Shabby chic, Israel-style

Home stylist Leli Goldstein makes it possible to fall in love with a house.

By
September 20, 2012 14:08
4 minute read.
Leli Goldstein's interior design

Interior Design 521. (photo credit: Uriel Massa)

You can definitely fall in love with a house. Having seen hundreds in the course of the last eight years, I can say that it doesn’t often happen.

But Leli Goldstein’s English cottage in Herzliya Pituah spoke to me as few houses have.

She is a home stylist who studied textiles at Shenkar College of Engineering and Design, but is also a graduate of the Adler Institute in Tel Aviv, where she eventually became a lecturer in parenting. Not wanting to give up her design work, she decided to combine the two, and she has firm ideas about how the space we live in affects the dynamics within a family.

“I grew up one of four children, including my twin brother in a small house here in Herzliya Pituah,” says Goldstein, who is one of the daughters of Paul Kohn, for many years a sports writer for The Jerusalem Post.

“All my friends were very rich and lived in huge houses like museums, but they loved coming to visit me. It was cozy, and lively and fun. A home is like a piece of clothing – it should not be too big and not too small, but fit snugly.”

In the course of her work she still sees the phenomenon; massive show kitchens where the lady of the house can’t boil an egg.

“My house has to serve me, not me serve it,” she says with feeling.

Goldstein and her dentist husband Yarden rent this home and they have rented several others in the last 10 years.

It causes a dilemma every time she renovates a house.

“I invest as little as possible but I still make them beautiful and every time the landlord sees what I’ve done, they want the house back to live in or to sell,” she says. In this house, which she has had for three years, she put a natural oak floor all over the house but it is not glued down so she can move it, like a carpet.

The house is not just extraordinarily pretty but is a showcase for her talents as a designer. For many years she had her own business, creating baby linen because she couldn’t find what she wanted in the shops, and she also designed her own very attractive mezuza covers, made from glass beads encased in a rectangular vintage case. She says she likes nothing better than to find some old chair or chest of drawers and to restore it with a few touches of paint and new upholstery.

The style of the house can be described as vintage, or shabby chic, with several books on the coffee table in the lounge, including Perfect English Cottages and Vintage Style giving a clue to the atmosphere she wanted to create. Rachel Ashwell, creator of the shabby-chic look, is her inspiration.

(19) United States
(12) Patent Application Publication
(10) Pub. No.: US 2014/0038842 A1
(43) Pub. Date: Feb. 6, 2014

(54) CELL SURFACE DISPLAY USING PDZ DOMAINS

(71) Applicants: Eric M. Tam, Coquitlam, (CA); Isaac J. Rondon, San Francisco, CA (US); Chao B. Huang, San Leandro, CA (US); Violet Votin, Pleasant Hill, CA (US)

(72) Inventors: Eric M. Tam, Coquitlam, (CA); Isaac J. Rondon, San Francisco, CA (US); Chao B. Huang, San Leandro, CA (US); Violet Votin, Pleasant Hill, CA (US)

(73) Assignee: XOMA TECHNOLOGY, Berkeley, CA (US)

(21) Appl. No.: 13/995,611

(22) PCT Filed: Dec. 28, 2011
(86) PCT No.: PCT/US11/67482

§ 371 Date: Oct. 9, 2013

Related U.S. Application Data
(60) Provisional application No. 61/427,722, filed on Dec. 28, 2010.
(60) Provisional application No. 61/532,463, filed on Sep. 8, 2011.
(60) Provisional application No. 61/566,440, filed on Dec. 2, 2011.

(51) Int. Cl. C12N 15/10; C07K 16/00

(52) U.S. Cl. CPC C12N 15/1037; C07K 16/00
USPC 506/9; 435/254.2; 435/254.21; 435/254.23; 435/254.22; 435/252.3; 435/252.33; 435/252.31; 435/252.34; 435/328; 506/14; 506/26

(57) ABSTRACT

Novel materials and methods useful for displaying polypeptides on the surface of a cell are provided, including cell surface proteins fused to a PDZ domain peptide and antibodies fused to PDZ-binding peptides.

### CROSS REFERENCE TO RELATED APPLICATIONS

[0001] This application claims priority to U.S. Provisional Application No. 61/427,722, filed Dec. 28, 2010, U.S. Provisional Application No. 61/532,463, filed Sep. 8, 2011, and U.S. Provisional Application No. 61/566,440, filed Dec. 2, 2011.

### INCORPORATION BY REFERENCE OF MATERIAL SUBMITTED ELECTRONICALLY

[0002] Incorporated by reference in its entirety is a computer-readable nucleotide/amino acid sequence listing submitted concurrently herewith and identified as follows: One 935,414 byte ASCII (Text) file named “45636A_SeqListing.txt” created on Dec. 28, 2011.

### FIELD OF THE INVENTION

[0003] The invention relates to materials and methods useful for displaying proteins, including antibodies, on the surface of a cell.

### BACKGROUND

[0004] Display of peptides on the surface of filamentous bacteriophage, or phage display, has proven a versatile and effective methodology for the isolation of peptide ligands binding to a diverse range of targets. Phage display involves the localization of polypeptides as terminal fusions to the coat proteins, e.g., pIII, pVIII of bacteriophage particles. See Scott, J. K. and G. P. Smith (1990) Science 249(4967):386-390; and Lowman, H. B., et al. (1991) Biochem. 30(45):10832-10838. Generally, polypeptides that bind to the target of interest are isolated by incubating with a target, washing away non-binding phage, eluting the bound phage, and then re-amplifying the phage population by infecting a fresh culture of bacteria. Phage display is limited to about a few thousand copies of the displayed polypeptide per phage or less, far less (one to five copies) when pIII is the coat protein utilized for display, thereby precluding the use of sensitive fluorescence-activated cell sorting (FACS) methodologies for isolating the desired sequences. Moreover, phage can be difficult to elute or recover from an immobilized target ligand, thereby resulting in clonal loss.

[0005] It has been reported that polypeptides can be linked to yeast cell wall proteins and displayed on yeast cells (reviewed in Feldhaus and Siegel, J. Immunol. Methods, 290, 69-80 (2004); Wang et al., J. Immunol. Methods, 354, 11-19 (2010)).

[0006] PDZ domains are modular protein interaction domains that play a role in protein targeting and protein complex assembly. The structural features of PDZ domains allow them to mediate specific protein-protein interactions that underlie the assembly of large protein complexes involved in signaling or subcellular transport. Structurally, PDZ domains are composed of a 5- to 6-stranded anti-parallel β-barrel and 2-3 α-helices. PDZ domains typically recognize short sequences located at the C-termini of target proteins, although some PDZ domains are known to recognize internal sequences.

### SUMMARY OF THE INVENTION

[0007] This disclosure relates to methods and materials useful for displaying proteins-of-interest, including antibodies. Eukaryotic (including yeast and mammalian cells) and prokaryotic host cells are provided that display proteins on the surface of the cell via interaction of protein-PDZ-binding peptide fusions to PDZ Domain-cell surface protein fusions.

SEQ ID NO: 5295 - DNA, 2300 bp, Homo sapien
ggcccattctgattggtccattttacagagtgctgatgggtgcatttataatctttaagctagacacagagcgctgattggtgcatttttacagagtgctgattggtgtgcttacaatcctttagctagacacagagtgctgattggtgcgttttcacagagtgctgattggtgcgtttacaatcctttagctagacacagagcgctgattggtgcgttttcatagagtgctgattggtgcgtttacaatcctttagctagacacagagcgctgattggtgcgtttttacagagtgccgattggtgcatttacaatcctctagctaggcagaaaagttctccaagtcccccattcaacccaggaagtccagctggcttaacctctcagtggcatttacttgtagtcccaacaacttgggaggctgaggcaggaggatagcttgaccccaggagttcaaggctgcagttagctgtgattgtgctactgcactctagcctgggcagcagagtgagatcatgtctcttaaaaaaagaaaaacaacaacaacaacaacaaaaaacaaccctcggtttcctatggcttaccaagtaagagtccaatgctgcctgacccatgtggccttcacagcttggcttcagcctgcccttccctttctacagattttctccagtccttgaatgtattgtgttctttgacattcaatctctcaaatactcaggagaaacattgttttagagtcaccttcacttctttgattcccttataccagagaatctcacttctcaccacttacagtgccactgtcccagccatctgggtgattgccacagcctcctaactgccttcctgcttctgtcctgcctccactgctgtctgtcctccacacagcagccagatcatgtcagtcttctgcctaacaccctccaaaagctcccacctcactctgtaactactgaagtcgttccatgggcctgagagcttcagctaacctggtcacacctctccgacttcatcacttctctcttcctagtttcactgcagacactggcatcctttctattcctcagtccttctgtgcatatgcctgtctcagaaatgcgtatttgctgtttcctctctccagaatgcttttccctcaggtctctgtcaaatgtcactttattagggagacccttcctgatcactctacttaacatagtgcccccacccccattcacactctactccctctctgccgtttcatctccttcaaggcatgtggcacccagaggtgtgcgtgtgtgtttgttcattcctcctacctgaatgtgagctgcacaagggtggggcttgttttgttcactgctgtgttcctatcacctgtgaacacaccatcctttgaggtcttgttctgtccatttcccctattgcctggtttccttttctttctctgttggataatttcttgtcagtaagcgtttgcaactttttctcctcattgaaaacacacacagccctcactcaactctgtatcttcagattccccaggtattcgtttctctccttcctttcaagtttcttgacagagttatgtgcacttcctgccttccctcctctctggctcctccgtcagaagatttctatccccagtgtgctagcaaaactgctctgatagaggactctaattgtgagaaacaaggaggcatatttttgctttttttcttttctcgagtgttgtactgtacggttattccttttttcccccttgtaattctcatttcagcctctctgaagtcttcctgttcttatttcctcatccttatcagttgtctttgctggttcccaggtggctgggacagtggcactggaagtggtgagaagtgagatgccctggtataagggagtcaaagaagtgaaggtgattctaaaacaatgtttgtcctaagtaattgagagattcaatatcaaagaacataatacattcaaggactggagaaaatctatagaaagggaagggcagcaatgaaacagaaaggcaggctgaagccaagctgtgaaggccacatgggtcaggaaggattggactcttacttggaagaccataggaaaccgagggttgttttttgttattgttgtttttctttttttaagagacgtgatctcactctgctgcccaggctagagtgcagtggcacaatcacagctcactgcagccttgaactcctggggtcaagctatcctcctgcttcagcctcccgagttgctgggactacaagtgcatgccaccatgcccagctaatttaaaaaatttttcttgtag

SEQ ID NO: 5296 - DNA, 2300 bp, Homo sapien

“Lighting and color are both very important to create the right energies,” she says.

“I also love to mix and match furnishings and accessories.”

Walking into the small lounge, the first impression is of airiness and an ethereal quality from the white blinds sifting the harsh light outside to a gentler light within.

The low beamed ceiling is painted white and the seating arrangements are white or cream, with a numerous decorative cushions. The large glass-topped coffee table fits well in the space and has room for plants, flowers and books. A white piano and piano stool complete the picture.

The three children are usually kept out of this room but have their own equally pretty den also furnished in white and with several pieces of “distressed” furniture which are also practical for storage.

Two white mirrors on the wall were originally black plastic from Ikea – “super cheap” says Goldstein – but now look very effective and soften the harsh rectangle of the room. A huge plaster bowl on the table stores papers and books. “I painted it white,” she says. “I paint everything.”

A simple Ikea kitchen and a dining area furnished with an old mahogany table matched with modern white chairs complete the downstairs. At the top of the steep staircase the landing is used as a playroom for the children, full of toys and games, while the three bedrooms all have distinctive characters.

The master bedroom is prettily decorated with a dainty blue-and-white counterpane, while the children’s rooms are quite different – bunk beds for the two younger children in one, and a very boyish blueand- cream room for the 10-year-old son.

“If someone takes me to style their home, they should know I have eclectic tastes, love to mix and match and I love flea-market finds I can transform into something beautiful,” she says. “I like things that have a story attached to them.”


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